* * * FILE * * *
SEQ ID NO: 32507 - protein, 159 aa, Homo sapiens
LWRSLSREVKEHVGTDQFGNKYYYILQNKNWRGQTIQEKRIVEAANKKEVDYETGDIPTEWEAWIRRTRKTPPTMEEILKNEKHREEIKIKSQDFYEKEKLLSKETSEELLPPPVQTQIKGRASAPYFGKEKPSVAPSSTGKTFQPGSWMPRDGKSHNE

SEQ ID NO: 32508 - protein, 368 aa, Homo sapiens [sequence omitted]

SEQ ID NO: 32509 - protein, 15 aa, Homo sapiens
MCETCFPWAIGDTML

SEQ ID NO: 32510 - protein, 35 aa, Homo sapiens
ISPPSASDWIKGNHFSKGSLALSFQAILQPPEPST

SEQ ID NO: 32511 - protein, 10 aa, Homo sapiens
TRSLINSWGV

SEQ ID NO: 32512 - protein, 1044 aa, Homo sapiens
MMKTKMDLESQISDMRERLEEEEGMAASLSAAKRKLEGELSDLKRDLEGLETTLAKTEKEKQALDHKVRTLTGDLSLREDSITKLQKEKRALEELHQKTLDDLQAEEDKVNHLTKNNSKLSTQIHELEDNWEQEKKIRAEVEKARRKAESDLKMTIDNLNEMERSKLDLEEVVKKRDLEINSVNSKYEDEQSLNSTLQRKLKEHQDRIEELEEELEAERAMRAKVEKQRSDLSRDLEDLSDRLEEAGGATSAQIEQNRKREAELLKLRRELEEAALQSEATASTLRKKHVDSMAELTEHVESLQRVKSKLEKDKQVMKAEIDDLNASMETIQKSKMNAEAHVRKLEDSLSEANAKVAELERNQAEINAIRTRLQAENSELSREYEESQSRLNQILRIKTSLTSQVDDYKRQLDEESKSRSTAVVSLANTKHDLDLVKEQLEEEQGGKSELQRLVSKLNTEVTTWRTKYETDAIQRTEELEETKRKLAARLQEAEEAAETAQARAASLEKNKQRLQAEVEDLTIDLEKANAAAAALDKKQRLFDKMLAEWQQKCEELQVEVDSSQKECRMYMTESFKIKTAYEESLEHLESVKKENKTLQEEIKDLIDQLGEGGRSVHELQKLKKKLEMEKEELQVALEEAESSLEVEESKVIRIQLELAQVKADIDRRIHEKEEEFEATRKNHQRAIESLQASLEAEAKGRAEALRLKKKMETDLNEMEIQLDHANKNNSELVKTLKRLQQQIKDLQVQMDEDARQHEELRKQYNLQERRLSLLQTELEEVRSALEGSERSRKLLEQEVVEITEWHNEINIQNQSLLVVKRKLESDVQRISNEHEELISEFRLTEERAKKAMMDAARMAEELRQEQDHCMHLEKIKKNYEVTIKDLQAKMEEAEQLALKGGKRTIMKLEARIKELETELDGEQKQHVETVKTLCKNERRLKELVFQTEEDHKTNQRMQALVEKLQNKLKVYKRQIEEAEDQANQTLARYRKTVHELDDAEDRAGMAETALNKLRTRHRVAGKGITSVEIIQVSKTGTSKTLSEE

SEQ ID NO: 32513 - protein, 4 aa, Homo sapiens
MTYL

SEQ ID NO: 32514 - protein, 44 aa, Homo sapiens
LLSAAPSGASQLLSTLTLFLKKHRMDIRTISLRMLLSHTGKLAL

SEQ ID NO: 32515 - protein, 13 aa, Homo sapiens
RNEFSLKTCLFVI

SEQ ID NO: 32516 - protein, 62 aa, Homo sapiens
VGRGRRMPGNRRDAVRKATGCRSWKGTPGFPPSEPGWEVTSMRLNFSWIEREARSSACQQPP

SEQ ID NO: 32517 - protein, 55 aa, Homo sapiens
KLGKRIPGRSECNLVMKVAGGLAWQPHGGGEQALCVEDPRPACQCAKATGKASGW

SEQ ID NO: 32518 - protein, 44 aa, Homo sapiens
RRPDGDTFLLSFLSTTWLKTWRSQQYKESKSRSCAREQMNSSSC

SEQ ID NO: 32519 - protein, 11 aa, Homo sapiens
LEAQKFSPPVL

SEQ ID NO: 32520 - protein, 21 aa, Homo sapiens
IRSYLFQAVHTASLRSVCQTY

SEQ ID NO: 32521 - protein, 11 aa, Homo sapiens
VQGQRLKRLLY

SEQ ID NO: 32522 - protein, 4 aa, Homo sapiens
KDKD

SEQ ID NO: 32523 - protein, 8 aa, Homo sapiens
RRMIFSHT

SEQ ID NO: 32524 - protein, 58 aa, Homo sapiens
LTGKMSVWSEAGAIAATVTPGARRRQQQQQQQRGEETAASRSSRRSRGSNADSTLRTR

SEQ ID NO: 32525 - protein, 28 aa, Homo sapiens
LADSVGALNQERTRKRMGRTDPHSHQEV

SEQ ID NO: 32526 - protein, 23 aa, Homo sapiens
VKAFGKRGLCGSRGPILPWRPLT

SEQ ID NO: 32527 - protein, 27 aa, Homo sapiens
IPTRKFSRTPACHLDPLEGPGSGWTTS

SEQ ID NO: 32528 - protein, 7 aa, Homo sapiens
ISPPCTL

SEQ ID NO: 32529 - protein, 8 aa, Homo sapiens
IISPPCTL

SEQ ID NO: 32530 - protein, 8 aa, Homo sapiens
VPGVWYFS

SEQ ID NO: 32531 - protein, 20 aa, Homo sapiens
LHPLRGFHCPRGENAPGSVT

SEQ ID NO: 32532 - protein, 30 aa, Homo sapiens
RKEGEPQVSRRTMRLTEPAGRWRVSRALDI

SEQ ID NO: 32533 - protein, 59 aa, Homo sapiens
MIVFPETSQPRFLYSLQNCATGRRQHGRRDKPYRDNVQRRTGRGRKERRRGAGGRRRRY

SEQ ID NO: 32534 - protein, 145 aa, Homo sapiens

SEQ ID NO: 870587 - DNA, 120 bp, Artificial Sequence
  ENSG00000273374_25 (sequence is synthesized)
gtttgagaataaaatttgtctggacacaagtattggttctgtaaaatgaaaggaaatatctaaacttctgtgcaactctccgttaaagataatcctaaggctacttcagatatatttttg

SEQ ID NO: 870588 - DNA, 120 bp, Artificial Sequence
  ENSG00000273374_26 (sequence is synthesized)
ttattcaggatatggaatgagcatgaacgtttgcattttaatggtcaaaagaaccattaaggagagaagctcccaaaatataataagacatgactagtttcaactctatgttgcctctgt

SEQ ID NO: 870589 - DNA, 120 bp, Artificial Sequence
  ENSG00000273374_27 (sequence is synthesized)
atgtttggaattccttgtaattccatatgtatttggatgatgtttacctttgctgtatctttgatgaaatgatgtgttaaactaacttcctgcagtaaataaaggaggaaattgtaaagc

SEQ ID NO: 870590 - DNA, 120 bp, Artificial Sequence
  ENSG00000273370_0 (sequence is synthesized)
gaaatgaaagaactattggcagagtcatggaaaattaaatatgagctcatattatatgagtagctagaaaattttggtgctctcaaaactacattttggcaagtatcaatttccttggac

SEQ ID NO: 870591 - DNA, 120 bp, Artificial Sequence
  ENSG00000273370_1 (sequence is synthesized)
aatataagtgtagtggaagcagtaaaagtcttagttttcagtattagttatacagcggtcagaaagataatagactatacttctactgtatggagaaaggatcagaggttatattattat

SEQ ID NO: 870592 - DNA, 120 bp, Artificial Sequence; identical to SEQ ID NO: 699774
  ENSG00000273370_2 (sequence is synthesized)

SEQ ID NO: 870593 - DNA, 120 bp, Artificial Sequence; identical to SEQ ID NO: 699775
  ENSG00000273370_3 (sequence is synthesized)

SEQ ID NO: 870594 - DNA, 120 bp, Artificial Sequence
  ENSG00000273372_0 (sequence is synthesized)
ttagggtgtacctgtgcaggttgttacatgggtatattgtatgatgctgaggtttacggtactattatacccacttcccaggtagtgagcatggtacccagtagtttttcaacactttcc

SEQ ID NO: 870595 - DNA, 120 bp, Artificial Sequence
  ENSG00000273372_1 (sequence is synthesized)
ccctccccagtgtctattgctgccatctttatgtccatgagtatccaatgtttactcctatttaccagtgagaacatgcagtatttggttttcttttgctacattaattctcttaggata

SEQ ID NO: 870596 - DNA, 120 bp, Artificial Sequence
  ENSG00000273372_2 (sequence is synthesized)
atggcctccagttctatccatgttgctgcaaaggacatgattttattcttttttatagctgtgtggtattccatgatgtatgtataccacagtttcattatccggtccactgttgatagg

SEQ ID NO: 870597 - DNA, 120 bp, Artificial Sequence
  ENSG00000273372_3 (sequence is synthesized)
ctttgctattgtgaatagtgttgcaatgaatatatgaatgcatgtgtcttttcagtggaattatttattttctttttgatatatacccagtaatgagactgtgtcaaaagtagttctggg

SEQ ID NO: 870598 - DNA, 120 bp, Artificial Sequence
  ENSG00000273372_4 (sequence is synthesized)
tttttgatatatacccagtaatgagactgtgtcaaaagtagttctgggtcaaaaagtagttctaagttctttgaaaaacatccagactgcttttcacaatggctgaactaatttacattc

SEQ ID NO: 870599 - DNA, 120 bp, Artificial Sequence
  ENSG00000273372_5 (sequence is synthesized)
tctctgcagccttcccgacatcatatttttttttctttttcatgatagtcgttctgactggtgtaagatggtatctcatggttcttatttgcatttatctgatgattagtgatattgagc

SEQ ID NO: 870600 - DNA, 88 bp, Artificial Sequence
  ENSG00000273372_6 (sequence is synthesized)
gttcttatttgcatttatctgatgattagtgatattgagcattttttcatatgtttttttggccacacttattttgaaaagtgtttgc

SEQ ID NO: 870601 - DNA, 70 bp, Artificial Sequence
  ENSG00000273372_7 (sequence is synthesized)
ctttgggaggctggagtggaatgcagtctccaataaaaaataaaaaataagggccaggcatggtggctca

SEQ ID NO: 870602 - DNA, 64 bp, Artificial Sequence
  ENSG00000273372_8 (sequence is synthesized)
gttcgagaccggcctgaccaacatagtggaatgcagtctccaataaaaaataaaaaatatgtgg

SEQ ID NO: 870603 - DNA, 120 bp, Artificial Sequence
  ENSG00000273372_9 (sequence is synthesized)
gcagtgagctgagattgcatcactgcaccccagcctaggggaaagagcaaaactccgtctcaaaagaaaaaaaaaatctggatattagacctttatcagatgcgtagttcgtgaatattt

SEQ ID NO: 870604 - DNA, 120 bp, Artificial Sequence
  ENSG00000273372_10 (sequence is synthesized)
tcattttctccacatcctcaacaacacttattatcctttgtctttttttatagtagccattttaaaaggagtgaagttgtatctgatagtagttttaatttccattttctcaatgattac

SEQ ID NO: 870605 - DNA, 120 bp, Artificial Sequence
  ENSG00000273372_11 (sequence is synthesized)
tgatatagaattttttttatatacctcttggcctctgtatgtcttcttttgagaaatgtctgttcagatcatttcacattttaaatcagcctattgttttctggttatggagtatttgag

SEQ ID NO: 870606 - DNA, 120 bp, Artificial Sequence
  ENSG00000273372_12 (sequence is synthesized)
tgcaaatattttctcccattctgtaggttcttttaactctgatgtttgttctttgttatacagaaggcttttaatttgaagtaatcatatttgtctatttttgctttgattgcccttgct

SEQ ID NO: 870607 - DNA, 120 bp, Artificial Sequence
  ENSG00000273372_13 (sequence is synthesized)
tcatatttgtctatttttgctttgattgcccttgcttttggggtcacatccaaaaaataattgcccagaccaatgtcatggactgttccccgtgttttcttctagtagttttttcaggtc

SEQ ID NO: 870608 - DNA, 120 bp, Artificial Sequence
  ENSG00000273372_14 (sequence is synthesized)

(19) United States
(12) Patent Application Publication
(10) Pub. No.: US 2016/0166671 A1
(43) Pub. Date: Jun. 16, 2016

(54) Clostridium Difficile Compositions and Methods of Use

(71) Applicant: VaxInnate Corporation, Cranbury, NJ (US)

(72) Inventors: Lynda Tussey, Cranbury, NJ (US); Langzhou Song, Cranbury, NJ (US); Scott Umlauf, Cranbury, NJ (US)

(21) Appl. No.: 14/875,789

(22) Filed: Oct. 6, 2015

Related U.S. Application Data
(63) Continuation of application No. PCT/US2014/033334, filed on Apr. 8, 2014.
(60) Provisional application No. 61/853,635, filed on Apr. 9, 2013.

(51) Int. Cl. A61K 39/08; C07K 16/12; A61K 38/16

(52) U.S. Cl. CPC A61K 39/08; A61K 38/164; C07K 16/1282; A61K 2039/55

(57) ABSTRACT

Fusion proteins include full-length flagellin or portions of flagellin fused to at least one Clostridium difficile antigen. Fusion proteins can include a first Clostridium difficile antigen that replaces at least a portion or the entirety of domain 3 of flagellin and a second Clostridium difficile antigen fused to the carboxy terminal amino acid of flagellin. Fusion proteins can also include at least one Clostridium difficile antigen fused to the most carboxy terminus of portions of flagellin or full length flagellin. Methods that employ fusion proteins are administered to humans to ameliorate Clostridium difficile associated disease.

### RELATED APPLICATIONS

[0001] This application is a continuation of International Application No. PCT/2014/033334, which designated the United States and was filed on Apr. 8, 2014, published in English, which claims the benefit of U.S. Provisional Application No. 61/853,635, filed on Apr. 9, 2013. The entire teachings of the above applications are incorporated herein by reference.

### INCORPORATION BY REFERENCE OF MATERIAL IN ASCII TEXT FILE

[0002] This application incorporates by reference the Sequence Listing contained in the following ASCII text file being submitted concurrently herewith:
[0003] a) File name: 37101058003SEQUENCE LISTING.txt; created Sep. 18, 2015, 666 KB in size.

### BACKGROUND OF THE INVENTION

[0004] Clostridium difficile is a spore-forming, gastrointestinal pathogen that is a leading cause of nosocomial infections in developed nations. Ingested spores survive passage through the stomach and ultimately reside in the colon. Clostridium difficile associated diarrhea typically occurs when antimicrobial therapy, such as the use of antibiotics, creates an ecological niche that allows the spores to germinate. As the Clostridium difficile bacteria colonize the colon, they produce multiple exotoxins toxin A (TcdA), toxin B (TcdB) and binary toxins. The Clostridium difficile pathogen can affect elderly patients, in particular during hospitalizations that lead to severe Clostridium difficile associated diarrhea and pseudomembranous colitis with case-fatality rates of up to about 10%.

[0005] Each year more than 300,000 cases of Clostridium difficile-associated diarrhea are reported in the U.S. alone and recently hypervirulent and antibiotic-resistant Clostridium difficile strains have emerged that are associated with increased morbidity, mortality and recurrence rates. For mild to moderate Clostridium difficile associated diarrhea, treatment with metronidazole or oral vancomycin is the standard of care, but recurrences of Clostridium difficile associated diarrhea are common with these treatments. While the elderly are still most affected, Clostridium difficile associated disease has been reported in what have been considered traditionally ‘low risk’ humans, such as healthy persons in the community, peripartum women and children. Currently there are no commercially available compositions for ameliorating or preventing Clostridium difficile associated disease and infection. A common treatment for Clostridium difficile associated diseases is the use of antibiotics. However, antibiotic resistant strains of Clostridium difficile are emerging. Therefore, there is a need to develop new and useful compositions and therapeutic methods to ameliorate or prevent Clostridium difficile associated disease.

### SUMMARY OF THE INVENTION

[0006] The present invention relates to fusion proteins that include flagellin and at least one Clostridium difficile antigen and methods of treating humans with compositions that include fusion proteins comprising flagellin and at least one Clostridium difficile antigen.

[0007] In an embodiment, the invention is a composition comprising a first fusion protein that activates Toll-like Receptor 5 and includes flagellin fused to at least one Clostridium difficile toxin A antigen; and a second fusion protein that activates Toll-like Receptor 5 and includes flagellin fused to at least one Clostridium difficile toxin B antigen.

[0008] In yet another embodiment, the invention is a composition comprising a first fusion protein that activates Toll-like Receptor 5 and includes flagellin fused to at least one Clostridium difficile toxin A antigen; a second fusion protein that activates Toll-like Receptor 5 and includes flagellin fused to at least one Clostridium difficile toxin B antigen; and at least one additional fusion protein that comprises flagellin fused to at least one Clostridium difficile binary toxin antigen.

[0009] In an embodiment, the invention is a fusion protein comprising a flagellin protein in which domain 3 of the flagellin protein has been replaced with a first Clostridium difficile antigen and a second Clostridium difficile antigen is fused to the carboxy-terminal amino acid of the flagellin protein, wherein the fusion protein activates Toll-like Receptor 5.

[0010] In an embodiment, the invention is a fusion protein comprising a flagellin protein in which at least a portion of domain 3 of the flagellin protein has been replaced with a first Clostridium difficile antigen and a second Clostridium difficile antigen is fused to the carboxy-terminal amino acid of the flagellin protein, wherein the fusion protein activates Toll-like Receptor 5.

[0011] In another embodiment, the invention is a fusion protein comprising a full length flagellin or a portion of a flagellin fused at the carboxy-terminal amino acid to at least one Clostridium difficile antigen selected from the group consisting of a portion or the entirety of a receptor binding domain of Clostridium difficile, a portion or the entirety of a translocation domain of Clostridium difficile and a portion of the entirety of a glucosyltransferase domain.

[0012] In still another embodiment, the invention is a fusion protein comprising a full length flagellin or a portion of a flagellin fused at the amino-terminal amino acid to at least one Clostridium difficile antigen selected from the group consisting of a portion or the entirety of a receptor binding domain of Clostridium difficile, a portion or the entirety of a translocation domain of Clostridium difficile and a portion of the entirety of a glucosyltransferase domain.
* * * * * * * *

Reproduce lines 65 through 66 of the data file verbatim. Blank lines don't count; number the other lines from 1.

  ENSG00000273370_0 (sequence is synthesized)
gaaatgaaagaactattggcagagtcatggaaaattaaatatgagctcatattatatgagtagctagaaaattttggtgctctcaaaactacattttggcaagtatcaatttccttggac